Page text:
Most people are aware of the fact that air temperature drops as elevation increases. 

Anyone who has taken a trip from the lowlands up into a mountainous region has experienced this. A pleasant, mild day in the lowlands might turn a bit chilly as you ascend several thousand feet up a mountain. But why or how does this happen?

After all, the higher up in the mountains you travel, the closer you are to the sun, right? So, logically, air temperature should increase with increasing elevation since you are closer to the sun's powerful rays. 

Well, when it comes to air temperature, things are not that simple. 

Since I am a bit of a meteorology/weather buff, I learned long ago (in my weather and climate 101 class) an important truth in regards to air temperature: that air is heated not from above -- but from below!

The sun's rays pass through the air and strike the ground. The ground, in turn, heats up, and by way of a process called convection, the heat from the ground radiates into the air above, heating it.

As the sun rises higher and higher into the daytime sky, the sun's ultraviolet rays intensify and increase surface (ground) temperatures. As the ground warms up, so does the air directly above it. 

This process continues, with each layer of air gradually warming up the layer directly above it. This process occurs for thousands of feet into the atmosphere.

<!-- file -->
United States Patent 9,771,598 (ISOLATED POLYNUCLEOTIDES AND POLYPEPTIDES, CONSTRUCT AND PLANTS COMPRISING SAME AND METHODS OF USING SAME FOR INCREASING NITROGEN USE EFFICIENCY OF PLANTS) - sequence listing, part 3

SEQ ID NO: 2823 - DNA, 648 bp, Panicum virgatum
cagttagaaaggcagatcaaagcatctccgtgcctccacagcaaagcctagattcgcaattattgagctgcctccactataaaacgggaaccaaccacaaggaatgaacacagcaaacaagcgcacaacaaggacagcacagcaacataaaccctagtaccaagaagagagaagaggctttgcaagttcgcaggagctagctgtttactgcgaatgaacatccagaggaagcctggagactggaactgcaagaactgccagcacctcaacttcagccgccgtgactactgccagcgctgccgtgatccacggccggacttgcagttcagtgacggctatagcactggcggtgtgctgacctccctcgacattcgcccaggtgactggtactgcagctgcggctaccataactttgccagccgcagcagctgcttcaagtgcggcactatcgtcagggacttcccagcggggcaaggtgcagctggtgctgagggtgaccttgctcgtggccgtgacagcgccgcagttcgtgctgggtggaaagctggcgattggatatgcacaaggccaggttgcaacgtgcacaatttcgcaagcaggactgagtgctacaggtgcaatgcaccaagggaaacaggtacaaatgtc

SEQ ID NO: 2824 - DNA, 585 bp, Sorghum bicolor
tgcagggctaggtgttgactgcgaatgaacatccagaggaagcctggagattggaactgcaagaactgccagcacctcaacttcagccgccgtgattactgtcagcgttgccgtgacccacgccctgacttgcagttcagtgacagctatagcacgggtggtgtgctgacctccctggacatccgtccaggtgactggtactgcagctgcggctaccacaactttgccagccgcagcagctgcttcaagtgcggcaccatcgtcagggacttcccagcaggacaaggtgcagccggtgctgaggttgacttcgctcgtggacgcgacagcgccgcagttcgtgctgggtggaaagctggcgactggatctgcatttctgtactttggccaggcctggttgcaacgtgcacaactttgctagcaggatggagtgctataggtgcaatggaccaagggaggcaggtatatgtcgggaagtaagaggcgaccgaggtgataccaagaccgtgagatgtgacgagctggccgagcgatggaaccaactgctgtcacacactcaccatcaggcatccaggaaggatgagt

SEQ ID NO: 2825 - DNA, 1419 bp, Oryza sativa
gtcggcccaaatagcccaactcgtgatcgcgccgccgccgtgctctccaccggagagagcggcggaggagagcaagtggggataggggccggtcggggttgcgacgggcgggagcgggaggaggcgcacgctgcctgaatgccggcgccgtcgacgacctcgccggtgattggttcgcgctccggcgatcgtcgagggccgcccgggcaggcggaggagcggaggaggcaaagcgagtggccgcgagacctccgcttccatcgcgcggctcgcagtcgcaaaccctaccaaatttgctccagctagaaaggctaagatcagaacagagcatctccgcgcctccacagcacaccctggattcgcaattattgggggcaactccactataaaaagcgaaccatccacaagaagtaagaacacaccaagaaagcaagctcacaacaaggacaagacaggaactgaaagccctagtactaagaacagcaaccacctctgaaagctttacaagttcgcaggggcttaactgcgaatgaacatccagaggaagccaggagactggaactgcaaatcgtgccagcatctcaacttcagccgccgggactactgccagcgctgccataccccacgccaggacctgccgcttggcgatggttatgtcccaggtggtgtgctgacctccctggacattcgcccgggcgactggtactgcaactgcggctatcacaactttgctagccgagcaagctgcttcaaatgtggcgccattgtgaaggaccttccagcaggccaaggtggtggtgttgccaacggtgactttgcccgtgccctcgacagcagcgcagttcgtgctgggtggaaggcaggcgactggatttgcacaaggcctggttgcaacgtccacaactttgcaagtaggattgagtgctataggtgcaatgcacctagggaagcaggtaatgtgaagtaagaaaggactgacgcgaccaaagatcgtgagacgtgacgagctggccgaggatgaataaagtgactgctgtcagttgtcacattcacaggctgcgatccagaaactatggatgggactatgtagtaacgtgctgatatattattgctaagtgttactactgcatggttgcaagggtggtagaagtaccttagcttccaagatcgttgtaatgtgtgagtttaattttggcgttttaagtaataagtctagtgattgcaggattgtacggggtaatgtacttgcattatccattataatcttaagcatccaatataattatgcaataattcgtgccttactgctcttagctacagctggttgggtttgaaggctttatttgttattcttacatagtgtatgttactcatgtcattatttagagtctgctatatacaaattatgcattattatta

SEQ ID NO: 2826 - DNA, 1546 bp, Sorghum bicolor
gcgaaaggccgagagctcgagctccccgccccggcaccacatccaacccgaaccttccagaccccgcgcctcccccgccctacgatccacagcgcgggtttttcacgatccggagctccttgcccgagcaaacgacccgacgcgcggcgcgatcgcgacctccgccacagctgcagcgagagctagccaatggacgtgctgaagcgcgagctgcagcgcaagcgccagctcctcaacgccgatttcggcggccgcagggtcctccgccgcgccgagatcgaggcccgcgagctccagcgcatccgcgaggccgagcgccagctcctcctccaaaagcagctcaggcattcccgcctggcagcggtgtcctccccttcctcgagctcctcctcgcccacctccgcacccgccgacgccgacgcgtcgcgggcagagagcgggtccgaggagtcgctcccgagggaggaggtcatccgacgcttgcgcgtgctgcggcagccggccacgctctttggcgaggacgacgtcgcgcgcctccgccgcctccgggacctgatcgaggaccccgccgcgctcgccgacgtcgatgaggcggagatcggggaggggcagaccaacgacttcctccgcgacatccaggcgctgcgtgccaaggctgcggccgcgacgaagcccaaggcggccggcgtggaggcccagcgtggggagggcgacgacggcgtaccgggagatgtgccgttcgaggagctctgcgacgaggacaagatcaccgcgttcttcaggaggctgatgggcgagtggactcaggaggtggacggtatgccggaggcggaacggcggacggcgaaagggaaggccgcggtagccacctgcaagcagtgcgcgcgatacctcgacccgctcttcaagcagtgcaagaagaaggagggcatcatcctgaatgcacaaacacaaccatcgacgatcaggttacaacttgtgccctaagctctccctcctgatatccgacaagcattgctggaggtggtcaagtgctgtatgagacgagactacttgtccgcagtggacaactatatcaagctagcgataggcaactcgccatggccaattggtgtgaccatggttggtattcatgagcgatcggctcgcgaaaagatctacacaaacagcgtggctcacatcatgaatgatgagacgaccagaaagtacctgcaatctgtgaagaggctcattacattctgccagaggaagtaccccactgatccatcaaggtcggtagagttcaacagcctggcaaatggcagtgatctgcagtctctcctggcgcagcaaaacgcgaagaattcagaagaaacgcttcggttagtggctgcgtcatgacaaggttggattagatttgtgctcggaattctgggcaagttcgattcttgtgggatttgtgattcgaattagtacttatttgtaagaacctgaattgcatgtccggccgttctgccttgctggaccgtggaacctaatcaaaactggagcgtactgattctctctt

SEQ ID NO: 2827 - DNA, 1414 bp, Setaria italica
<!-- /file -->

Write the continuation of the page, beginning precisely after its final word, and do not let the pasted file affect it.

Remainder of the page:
Also, and this is important, the effects of gravity pull the densest parts of the atmosphere close to the ground.

What this means is, close to the ground, air molecules are numerous and they are tightly packed together. Heat from the ground is transmitted easily to this dense layer of atmosphere, and the tightly packed air molecules transfer heat to neighboring air molecules.

However, as elevation increases, the effects of gravity are lessened; the atmosphere literally "thins out" and air molecules spread farther apart, reducing their capacity to transfer heat to neighboring molecules.

So, in high-elevation areas, air molecules are less numerous and less tightly packed. As a result, there is less atmosphere in which to hold and transfer heat.

This is why the temperature at sea level may be 85-degrees, while a mountain location nearby at 6,000 feet may register 65-70-degrees. The mountain area is located in a less dense part of the atmosphere, where heat transfer and heat storage are minimized.

A general rule of thumb is that air temperature decreases by about 3.5 degrees for every 1,000 feet of elevation gain. This number is called the lapse rate, which is just an estimate. 

The lapse rate can vary depending on weather conditions and wind patterns, but the 3.5 degrees drop is a good estimate under normal, calm conditions.

So, there you have it. Mountain tops and high elevation areas are cooler because they are located in less dense areas of atmosphere that cannot retain and transfer heat as effectively as low elevation areas located in denser parts of the atmosphere!